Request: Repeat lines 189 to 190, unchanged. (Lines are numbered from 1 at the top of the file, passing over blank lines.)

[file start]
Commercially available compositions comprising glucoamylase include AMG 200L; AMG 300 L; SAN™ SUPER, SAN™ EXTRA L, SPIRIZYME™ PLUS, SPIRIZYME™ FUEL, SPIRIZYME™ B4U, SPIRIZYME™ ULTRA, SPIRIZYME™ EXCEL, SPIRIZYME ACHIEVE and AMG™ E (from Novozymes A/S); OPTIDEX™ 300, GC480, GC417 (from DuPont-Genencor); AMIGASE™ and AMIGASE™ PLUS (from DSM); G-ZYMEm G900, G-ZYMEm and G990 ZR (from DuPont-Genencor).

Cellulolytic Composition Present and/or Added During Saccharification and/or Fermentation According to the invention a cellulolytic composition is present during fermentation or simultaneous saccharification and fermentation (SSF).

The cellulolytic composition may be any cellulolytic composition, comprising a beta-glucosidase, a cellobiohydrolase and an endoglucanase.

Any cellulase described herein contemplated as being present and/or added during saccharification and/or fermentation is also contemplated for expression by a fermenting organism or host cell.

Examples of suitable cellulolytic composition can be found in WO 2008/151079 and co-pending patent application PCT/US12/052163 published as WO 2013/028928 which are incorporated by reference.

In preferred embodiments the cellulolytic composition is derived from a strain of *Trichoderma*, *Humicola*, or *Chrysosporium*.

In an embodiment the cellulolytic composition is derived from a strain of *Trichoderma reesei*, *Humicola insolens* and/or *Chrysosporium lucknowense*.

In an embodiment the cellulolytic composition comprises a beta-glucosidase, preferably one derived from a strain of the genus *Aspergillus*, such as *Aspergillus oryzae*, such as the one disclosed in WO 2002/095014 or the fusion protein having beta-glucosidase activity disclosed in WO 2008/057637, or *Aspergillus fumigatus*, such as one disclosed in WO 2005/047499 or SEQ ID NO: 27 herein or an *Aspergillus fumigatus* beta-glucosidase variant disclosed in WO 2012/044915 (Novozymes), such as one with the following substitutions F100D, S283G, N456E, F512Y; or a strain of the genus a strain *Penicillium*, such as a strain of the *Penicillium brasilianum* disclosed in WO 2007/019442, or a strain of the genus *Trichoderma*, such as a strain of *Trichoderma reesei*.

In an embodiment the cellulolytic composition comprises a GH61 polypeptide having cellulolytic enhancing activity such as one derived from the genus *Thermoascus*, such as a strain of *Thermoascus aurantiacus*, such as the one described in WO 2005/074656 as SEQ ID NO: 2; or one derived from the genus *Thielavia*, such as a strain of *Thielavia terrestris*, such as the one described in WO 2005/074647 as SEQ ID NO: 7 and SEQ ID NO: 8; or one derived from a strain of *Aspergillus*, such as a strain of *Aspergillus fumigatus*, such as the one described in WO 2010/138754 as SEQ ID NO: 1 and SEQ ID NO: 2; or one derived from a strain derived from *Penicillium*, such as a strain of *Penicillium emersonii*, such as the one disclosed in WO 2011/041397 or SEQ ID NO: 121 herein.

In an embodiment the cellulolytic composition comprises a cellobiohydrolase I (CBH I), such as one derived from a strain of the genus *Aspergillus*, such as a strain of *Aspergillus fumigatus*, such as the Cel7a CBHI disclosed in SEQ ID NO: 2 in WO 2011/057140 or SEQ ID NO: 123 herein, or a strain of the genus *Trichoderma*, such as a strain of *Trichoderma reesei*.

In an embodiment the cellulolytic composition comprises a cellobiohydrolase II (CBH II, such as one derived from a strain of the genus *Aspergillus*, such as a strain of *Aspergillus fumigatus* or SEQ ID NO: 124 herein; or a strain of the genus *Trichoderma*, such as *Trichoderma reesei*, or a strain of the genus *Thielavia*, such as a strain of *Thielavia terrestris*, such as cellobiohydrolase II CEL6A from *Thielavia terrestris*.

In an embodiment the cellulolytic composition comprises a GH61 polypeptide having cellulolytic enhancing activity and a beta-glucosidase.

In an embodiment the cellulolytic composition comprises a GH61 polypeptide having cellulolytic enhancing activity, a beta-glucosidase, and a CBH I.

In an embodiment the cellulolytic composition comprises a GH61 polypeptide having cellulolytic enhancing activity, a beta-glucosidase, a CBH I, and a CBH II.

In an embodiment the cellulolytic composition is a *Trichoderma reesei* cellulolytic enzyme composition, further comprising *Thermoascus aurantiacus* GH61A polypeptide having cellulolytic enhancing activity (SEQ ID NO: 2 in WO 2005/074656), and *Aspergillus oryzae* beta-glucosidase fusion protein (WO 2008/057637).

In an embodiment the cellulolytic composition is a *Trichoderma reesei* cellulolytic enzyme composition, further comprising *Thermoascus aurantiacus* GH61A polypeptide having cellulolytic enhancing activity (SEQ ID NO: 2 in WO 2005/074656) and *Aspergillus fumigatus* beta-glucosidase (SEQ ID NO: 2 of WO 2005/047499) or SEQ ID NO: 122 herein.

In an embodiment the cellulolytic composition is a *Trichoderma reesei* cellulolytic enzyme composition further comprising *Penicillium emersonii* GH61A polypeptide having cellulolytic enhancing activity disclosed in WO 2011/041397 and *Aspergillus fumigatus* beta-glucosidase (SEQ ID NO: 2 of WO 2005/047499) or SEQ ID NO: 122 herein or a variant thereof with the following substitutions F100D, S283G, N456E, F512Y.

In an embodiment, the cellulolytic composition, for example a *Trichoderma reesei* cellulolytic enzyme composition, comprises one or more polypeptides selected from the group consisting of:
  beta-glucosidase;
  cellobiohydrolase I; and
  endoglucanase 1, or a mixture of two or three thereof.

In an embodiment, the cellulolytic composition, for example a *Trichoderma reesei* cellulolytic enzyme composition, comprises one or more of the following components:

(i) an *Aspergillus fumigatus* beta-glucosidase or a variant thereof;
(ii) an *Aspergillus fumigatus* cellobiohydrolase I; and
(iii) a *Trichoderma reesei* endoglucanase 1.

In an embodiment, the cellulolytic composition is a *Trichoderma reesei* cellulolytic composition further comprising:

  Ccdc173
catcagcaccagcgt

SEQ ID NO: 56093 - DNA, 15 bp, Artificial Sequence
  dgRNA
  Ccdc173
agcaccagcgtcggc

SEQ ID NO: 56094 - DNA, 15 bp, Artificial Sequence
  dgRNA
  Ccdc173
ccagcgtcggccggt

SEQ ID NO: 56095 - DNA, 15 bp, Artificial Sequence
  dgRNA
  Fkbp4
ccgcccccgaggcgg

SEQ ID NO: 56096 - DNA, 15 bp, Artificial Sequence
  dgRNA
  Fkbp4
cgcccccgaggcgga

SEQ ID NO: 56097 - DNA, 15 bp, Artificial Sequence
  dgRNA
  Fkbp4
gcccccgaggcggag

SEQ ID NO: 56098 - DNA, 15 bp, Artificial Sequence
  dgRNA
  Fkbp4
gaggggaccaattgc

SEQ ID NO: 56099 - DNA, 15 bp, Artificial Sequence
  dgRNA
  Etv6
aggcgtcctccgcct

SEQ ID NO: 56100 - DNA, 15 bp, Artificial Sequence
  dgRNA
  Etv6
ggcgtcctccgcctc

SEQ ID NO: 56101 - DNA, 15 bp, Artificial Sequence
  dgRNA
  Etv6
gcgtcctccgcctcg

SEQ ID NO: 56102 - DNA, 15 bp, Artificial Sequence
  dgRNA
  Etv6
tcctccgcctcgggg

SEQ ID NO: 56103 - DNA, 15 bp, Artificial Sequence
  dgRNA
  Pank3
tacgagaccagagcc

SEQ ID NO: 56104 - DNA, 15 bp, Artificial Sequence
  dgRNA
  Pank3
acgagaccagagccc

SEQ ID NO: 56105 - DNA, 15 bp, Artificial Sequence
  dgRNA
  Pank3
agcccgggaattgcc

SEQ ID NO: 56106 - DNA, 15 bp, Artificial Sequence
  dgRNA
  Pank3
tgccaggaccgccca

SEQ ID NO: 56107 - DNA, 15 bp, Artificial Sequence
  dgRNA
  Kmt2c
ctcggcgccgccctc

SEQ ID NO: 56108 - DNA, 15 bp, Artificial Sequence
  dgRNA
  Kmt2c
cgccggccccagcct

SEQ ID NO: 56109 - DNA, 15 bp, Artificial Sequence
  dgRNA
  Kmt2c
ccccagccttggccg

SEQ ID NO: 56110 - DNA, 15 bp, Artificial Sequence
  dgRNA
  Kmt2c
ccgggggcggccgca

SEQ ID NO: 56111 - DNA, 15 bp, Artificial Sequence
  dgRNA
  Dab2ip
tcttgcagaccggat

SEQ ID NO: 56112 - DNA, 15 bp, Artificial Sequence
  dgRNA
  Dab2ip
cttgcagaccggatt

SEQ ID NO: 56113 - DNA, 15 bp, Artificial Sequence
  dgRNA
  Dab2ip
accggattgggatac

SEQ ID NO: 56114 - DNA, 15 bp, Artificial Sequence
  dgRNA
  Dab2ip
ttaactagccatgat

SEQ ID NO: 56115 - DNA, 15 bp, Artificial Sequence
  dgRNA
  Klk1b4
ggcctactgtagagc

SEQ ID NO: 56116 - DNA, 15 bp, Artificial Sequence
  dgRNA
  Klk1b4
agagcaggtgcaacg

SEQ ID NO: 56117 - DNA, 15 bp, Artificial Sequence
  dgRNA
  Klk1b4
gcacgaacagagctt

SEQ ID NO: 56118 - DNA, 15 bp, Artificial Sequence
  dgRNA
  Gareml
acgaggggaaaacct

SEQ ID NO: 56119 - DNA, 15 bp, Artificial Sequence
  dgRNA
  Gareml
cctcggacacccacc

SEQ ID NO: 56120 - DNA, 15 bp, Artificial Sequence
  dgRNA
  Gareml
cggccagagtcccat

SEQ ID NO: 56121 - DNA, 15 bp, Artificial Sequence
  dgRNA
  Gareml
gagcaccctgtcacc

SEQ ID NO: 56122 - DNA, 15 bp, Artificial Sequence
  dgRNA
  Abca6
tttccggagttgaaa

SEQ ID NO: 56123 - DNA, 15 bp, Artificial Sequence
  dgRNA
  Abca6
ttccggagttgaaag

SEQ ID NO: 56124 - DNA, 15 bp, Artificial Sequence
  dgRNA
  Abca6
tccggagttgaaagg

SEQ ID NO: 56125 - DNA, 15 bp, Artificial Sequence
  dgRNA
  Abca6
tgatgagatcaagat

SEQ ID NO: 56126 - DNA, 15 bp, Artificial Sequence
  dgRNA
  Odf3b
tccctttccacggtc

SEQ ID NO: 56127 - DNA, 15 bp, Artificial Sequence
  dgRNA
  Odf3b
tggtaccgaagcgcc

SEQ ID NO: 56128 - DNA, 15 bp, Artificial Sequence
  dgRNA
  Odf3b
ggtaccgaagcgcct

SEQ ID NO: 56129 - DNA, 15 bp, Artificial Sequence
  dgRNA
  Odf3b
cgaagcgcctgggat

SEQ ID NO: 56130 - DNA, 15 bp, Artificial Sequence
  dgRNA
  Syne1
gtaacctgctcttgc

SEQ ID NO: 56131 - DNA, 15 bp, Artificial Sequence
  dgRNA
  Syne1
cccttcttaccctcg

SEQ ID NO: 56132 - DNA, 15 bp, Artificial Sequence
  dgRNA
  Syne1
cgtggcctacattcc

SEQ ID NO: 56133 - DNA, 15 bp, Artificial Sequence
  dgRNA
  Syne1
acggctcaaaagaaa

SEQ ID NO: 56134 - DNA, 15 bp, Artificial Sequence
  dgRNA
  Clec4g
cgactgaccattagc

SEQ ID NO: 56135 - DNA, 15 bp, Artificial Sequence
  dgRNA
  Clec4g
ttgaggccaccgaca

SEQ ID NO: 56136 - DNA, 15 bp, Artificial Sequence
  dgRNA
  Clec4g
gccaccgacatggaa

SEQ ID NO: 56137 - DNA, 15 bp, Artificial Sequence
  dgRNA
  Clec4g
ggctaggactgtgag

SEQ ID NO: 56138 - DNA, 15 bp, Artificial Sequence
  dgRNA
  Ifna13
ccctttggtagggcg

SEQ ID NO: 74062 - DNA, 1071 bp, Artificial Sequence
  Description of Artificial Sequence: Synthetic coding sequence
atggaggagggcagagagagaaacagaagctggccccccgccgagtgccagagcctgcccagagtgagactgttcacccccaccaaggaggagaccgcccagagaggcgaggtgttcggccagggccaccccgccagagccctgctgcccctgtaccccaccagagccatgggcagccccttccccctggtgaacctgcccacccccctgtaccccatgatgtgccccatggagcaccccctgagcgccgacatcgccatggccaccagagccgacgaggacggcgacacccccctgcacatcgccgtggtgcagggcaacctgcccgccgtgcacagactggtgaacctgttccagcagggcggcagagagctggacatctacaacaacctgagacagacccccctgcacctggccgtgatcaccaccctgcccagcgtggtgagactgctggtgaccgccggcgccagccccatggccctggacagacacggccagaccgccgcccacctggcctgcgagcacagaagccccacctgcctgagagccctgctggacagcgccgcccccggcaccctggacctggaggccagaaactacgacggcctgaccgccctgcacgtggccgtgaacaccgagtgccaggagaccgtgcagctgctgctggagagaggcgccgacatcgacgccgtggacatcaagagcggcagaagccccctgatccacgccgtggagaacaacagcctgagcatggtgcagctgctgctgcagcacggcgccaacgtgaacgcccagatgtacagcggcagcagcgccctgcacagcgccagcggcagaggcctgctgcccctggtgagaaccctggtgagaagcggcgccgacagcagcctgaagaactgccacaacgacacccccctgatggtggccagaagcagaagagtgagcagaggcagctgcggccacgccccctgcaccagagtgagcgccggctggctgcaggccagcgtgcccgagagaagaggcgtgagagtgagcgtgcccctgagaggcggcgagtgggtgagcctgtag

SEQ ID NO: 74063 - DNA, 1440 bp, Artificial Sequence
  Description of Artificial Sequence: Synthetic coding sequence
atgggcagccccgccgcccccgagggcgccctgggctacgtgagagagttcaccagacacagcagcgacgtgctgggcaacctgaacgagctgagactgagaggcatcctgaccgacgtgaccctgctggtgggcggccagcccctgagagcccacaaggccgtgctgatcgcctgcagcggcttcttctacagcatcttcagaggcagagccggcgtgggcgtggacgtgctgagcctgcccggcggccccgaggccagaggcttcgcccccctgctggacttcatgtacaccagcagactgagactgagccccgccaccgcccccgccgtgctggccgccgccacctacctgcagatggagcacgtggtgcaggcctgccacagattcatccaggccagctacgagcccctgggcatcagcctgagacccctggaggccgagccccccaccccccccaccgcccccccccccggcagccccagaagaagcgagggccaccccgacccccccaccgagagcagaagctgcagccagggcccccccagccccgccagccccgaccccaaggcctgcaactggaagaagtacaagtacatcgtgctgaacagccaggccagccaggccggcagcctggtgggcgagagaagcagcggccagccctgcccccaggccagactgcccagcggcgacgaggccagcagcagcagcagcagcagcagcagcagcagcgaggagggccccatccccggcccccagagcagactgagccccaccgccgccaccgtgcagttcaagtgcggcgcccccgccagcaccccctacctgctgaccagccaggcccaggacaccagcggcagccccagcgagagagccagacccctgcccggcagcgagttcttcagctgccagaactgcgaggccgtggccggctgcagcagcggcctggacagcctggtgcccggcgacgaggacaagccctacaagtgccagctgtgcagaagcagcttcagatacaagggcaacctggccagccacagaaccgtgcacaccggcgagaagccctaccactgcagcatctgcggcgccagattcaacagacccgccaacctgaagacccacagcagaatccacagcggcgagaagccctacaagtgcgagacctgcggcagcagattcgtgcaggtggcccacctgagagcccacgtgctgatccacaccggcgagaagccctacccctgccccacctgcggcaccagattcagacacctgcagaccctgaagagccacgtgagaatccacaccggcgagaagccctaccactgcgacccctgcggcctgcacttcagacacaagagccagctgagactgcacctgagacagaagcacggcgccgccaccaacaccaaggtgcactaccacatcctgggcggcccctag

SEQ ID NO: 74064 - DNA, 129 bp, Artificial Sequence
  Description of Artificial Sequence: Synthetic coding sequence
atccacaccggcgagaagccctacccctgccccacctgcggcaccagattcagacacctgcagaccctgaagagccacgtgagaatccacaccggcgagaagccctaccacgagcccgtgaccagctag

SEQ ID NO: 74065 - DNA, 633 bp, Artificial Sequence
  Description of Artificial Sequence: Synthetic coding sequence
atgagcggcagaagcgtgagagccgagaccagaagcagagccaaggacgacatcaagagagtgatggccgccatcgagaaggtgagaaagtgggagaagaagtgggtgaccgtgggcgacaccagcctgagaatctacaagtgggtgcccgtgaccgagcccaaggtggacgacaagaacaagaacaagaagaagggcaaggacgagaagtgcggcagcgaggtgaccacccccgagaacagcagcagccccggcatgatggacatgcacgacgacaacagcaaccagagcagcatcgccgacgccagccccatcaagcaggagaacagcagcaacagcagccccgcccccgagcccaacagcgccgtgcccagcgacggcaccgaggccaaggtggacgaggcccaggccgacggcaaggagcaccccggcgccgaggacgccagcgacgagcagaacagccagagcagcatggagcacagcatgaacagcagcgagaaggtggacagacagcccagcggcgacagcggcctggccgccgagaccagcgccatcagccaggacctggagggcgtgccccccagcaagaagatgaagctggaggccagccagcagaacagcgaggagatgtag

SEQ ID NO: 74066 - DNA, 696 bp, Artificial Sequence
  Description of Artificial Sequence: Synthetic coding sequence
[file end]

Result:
SEQ ID NO: 56133 - DNA, 15 bp, Artificial Sequence
  dgRNA